Fairness test frustrates HR

by 21 Aug 2007

THE RECENTLY introduced fairness test for Australian Workplace Agreements (AWAs) is frustrating many companies and their HR professionals on a number of levels, according to a Sydney-based law firm.

Companies which had recently lodged AWAs and got them operational around the time the fairness test came into force, or which had drafted AWAs and had them ready to go under the pre-fairness test rules, were finding the fairness test most frustrating.

“They’ve prepared their AWAs in accordance with the law that was in place at the time – that is on the basis that they can pretty much do anything they like, as long as they meet the standards,” said Jacquie Seemann, a partner with Cutler Hughes & Harris.

“The rules have changed and they’re having to basically redraft their agreements. So they’re doing double the work, and it is very confusing.”

The fairness test was frustrating on a number of levels, she said. “It’s frustrating on a knowledge level because people were just starting to feel comfortable and understood how the system worked, and all of a sudden it all changes.

“I don’t know if you’ve read the actual fairness test legislation, but it’s not a simple document. The transitional provisions in particular are quite complicated, so it’s not easy to make sense of and I think this has thrown people’s confidence,” she said.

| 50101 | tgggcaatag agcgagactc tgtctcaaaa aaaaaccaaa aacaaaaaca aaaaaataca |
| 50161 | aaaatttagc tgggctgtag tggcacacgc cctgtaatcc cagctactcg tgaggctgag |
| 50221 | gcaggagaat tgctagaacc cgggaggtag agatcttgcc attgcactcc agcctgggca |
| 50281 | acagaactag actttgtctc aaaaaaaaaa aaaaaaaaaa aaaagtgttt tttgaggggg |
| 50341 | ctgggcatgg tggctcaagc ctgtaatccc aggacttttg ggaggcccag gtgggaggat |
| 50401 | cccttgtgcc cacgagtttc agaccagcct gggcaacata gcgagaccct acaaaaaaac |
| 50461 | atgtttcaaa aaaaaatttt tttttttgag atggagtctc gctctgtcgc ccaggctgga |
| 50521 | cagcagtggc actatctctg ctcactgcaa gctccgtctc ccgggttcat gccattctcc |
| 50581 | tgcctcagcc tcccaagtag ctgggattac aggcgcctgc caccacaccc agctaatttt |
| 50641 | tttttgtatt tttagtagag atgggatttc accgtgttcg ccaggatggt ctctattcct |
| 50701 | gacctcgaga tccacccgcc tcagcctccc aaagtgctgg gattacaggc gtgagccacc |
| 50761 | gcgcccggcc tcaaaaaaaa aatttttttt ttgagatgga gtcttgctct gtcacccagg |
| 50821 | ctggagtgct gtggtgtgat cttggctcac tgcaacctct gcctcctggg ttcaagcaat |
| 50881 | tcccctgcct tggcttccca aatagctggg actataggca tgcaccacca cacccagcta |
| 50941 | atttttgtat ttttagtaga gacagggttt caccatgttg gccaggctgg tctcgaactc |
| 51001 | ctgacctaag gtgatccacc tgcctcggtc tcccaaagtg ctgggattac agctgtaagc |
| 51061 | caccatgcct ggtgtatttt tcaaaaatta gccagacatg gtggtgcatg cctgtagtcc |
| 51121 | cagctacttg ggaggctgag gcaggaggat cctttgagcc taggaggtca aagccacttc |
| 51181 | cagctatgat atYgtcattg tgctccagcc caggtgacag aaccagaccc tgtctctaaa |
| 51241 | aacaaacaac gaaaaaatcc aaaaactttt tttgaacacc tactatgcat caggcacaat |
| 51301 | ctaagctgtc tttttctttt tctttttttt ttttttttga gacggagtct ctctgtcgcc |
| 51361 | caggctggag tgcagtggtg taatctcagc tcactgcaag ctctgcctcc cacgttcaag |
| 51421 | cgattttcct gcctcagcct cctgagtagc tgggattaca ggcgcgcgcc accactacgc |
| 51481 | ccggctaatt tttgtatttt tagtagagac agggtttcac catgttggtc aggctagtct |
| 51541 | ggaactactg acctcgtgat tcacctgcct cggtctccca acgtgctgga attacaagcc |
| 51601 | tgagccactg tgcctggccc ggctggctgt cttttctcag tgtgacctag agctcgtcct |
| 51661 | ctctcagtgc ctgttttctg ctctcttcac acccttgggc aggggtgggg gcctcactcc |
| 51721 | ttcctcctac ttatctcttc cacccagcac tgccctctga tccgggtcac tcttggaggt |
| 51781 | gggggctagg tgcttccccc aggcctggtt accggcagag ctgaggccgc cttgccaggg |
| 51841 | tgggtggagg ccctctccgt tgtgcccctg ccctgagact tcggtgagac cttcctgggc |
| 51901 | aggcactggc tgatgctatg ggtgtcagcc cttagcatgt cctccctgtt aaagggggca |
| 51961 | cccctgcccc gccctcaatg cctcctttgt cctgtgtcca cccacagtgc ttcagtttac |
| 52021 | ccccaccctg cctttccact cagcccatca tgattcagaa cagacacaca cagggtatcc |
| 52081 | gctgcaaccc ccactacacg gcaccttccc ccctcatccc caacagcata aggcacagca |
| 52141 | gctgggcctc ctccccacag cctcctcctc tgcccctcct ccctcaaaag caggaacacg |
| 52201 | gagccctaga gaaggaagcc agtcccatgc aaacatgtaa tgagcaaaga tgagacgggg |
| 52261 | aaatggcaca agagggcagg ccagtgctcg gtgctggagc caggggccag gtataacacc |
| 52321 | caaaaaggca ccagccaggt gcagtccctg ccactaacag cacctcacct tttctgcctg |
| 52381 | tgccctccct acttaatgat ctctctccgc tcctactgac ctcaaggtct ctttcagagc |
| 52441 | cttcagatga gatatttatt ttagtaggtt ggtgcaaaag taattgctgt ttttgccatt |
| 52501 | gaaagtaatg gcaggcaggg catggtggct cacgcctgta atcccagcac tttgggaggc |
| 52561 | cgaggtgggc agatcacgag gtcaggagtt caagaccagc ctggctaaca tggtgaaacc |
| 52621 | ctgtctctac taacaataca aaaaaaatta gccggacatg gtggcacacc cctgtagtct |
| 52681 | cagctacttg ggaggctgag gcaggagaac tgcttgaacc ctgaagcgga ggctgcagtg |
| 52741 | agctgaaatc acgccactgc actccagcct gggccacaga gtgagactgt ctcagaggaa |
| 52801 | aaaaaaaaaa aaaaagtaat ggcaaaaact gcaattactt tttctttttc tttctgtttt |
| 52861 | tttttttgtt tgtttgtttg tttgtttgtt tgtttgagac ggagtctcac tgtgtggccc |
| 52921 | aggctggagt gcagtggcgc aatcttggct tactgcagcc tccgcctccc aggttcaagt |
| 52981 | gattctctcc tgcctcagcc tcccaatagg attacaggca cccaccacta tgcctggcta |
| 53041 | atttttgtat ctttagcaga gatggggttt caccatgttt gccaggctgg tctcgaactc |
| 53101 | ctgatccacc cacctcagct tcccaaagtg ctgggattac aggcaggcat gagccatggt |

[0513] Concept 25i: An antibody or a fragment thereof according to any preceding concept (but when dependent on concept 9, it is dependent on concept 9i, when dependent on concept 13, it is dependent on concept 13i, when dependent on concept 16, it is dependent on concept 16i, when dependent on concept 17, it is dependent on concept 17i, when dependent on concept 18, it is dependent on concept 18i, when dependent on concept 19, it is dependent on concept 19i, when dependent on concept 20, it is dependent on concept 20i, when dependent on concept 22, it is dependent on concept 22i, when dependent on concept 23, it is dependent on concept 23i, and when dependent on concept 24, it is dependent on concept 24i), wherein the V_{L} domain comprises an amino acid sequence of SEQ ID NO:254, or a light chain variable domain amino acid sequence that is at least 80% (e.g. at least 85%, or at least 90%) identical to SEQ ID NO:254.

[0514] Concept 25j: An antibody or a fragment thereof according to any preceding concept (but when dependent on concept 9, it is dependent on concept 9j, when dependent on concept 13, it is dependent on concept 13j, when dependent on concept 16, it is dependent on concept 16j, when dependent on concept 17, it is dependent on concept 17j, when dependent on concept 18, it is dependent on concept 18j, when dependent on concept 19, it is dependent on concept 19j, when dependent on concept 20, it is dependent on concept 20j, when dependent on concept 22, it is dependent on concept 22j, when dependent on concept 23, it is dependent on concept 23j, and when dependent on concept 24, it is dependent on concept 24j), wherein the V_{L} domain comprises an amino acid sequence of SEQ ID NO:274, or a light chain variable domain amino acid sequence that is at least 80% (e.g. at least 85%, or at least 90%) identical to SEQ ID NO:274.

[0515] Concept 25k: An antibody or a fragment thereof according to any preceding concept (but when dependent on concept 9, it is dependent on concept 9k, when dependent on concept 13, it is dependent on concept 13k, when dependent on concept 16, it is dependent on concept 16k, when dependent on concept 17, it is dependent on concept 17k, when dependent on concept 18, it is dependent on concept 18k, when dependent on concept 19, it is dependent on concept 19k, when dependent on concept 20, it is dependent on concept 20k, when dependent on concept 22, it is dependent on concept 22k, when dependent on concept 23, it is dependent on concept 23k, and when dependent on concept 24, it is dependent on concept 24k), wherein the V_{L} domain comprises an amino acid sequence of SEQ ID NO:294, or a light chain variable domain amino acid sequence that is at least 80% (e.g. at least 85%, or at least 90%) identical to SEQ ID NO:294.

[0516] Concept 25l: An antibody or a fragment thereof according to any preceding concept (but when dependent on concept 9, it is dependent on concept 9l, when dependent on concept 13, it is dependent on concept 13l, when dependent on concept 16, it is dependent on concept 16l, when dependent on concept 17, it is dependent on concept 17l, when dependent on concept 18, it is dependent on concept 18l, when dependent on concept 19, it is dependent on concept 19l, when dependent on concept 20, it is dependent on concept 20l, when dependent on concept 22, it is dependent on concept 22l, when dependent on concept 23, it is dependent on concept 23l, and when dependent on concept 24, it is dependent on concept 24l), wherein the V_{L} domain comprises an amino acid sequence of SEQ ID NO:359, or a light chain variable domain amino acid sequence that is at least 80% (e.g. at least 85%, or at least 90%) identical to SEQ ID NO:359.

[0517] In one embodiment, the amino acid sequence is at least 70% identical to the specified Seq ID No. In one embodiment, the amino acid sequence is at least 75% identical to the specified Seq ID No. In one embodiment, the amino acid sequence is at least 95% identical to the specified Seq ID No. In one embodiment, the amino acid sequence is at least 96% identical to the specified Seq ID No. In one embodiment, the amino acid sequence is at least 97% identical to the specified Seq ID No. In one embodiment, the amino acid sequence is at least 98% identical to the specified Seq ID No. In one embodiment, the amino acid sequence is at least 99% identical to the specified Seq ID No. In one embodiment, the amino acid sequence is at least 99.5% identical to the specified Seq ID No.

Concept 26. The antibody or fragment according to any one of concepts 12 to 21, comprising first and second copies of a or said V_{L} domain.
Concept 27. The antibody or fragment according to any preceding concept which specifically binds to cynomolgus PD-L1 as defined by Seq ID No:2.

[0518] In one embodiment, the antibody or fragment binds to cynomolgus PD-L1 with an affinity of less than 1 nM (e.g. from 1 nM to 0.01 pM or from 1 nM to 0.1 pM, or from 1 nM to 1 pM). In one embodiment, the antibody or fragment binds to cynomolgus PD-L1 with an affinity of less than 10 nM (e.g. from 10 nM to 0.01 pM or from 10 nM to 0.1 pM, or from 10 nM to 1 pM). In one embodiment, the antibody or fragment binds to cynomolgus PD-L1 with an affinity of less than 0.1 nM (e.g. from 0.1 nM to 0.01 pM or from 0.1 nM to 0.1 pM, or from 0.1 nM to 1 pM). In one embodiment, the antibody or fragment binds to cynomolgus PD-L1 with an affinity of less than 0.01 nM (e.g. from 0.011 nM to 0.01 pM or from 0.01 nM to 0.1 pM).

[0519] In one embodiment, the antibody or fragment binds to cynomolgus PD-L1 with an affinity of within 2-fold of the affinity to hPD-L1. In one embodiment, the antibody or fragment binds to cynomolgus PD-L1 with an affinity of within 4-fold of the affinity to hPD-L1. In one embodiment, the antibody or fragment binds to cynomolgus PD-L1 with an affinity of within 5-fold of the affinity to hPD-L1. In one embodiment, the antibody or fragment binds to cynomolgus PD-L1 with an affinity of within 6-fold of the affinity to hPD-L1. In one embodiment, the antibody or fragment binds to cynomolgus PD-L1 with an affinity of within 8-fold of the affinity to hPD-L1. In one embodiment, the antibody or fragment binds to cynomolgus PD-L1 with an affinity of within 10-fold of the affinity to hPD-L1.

Other employers were simply frustrated about the extra work and expenses involved in complying with the legislation.

In some cases, the fairness test also contributed to some confusion among the workforce of some companies. “They talked up the AWA process with their employees. They’ve had discussions and agreed in principle on what the AWAs will contain,” she said.

“But now they’re having to actually change all that, which is really awkward, I think.”

The fairness test, which is administered by the Federal Government’s recently established Workplace Authority, only applies to employees covered by an AWA earning less than $75,000 per year and employees covered by collective agreements if the agreements change or remove protected award conditions such as penalty rates and leave loadings for employees in jobs or industries where an award usually applies.

As a result of the fairness test’s introduction, some employers were thinking twice about introducing AWAs, Seemann said.

“I think there are a large number of employers out there who were thinking about new AWAs and putting strategies together. Now, between a combination of the fairness test and uncertainty around the upcoming federal election, many of those employers are going to do nothing in the medium-term,” she said.

While some employers felt like this was a missed opportunity, others were unsure whether or not introducing AWAs would bring them sufficient benefit to justify the amount of work involved in making them.

Some staff were also confused about the workplace relations fact sheet, according to Seemann, as it wasn’t entirely relevant to every employee.

“For example, I’ve just been with a large corporate client who has a pre-WorkChoices certified agreement in place, but they’re having to give the fact sheet to their employees. The employees are asking why it’s relevant to them, so the client is saying, ‘Actually it’s not relevant to you, but I have to give it to you anyway’.”

In an attempt to improve understanding of the fairness test, the Workplace Authority recently released a policy guide for employers (available at www.workplaceauthority.gov.au), which is also being used as a reference by the Workplace Authority’s 400 fairness test assessors.

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